Aircraft measurements of microphysical properties of subvisible cirrus in the tropical tropopause layer R. P. Lawson1, B. Pilson1, B. Baker1, Q. Mo1, E. Jensen2, L. Pfister2, and P. Bui2 1SPEC Incorporated, Boulder, CO, USA 2NASA Ames Research Center, Moffett Field, CA, USA
Abstract. Subvisible cirrus (SVC) clouds are often observed within
the tropical tropopause layer (TTL). Some studies suggest that SVC has a
significant impact on the earth radiation budget. The Costa Rica Aura
Validation Experiment (CR-AVE) sponsored by the National Aeronautics and
Space Administration (NASA) took place near San Jose, Costa Rica from 14
January–15 February 2006. The NASA WB-57F sampled SVC in the TTL from
−75°C to −90°C with an improved set of cloud particle probes.
first digital images of ice particles in the TTL are compared with
replicator images of ice particles collected in 1973 by a WB-57F in the TTL.
The newer measurements reveal larger particles, on the order of 100 μm
compared with <50 μm from the earlier measurements, and also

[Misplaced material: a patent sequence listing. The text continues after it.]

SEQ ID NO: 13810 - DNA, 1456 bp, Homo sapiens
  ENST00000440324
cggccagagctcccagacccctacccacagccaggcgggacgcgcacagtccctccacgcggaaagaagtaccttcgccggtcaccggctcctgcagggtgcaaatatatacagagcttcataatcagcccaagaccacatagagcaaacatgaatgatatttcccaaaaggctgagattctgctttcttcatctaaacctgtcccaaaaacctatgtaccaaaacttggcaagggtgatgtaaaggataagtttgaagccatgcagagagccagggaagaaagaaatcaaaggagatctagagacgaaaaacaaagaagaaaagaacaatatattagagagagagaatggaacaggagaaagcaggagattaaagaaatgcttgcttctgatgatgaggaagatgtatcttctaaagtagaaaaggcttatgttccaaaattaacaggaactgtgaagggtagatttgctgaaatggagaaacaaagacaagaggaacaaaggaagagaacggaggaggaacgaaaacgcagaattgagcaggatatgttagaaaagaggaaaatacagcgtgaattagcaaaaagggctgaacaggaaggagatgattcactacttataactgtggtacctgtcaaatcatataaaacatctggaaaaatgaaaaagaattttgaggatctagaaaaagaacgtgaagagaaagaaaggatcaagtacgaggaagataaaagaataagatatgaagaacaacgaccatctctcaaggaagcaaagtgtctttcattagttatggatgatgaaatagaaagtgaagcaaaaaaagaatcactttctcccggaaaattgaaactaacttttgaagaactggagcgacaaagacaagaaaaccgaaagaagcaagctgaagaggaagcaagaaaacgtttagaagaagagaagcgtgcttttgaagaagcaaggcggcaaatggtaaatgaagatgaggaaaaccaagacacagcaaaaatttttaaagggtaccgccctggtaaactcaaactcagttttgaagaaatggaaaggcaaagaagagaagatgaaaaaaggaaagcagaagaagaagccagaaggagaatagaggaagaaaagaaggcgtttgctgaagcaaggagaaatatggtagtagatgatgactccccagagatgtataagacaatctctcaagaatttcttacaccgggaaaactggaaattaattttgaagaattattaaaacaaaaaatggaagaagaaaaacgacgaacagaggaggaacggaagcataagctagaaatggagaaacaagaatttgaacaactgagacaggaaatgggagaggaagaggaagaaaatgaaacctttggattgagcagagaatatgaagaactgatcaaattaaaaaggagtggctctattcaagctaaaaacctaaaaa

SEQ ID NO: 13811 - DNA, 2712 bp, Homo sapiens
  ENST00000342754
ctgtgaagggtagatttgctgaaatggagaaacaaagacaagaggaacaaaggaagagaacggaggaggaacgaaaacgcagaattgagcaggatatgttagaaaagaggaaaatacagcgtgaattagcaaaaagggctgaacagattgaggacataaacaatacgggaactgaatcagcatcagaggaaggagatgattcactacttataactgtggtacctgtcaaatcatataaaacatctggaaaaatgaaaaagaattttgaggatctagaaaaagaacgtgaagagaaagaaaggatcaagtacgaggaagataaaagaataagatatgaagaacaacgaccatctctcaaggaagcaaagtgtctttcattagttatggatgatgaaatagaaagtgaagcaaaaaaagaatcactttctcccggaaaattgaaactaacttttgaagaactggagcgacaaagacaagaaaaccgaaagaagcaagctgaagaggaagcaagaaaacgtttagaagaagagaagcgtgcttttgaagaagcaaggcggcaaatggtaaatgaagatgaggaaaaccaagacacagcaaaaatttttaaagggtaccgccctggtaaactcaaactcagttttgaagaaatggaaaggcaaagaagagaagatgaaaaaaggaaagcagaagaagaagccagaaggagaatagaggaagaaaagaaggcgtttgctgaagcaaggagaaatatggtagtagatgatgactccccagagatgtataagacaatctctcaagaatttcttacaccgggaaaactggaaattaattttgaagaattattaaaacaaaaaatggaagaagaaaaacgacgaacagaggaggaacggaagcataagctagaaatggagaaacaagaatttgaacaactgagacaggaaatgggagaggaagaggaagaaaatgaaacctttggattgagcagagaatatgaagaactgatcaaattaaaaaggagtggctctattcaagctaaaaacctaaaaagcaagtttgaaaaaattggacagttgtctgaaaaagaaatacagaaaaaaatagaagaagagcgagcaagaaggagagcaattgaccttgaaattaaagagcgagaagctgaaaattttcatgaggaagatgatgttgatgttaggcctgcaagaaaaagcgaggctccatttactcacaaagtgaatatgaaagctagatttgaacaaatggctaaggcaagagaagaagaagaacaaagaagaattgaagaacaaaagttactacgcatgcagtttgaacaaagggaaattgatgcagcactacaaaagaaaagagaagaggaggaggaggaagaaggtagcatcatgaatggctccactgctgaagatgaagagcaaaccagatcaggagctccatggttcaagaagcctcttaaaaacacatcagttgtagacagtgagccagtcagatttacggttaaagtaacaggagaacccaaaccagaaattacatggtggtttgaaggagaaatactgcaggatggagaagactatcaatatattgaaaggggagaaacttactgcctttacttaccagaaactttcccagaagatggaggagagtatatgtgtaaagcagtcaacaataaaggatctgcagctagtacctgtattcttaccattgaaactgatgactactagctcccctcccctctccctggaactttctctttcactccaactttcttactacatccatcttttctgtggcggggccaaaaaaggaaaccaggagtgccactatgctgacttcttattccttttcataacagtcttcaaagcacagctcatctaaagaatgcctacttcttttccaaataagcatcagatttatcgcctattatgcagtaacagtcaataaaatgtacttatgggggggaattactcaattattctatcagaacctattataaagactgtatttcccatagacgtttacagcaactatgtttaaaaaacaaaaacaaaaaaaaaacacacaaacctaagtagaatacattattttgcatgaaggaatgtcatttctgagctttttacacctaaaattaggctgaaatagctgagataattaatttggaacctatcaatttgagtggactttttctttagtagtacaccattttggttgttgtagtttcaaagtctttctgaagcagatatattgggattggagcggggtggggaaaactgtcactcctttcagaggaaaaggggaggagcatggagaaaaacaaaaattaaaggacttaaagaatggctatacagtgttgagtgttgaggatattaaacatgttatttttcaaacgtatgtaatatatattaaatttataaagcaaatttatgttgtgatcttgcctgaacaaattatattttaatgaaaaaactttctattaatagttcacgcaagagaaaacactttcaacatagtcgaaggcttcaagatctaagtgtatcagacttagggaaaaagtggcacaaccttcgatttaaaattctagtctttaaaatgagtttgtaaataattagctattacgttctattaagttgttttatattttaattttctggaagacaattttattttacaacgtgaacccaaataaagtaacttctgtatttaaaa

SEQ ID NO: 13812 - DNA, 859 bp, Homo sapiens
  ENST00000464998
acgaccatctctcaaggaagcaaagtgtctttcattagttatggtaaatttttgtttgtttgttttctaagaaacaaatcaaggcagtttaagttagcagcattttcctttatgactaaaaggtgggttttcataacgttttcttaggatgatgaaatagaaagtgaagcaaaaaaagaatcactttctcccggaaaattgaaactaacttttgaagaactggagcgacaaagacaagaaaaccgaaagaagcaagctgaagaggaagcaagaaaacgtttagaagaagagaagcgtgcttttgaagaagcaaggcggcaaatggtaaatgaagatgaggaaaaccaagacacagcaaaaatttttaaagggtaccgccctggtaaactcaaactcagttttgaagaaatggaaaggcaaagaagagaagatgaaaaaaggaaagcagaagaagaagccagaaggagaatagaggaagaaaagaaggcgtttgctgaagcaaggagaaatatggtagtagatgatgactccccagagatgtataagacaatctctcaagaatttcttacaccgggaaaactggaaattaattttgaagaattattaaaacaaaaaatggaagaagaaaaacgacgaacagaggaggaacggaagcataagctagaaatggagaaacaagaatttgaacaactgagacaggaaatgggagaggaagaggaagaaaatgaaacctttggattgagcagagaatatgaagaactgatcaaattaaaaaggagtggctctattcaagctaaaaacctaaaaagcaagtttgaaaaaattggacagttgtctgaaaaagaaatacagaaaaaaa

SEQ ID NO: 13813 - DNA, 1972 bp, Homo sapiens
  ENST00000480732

different particle shapes. The 1973 particles were mainly columnar and
trigonal, whereas the newer measurements are quasi-spherical and hexagonal
plates. The WB-57F also measured very high water vapor contents with some
instruments, up to 4 ppmv, and aerosols with mixed organics and sulfates. It
is unknown whether these ambient conditions were present in the 1973
studies, and whether such conditions have an influence on particle shape and
the development of the large particles. A companion paper (Jensen et al.,
2008) presents crystal growth calculations that suggest that the high water
vapor measurements are required to grow ice particles to the observed sizes
of 100 μm and larger.
Citation: Lawson, R. P., Pilson, B., Baker, B., Mo, Q., Jensen, E., Pfister, L., and Bui, P.: Aircraft measurements of microphysical properties of subvisible cirrus in the tropical tropopause layer, Atmos. Chem. Phys., 8, 1609-1620, doi:10.5194/acp-8-1609-2008, 2008.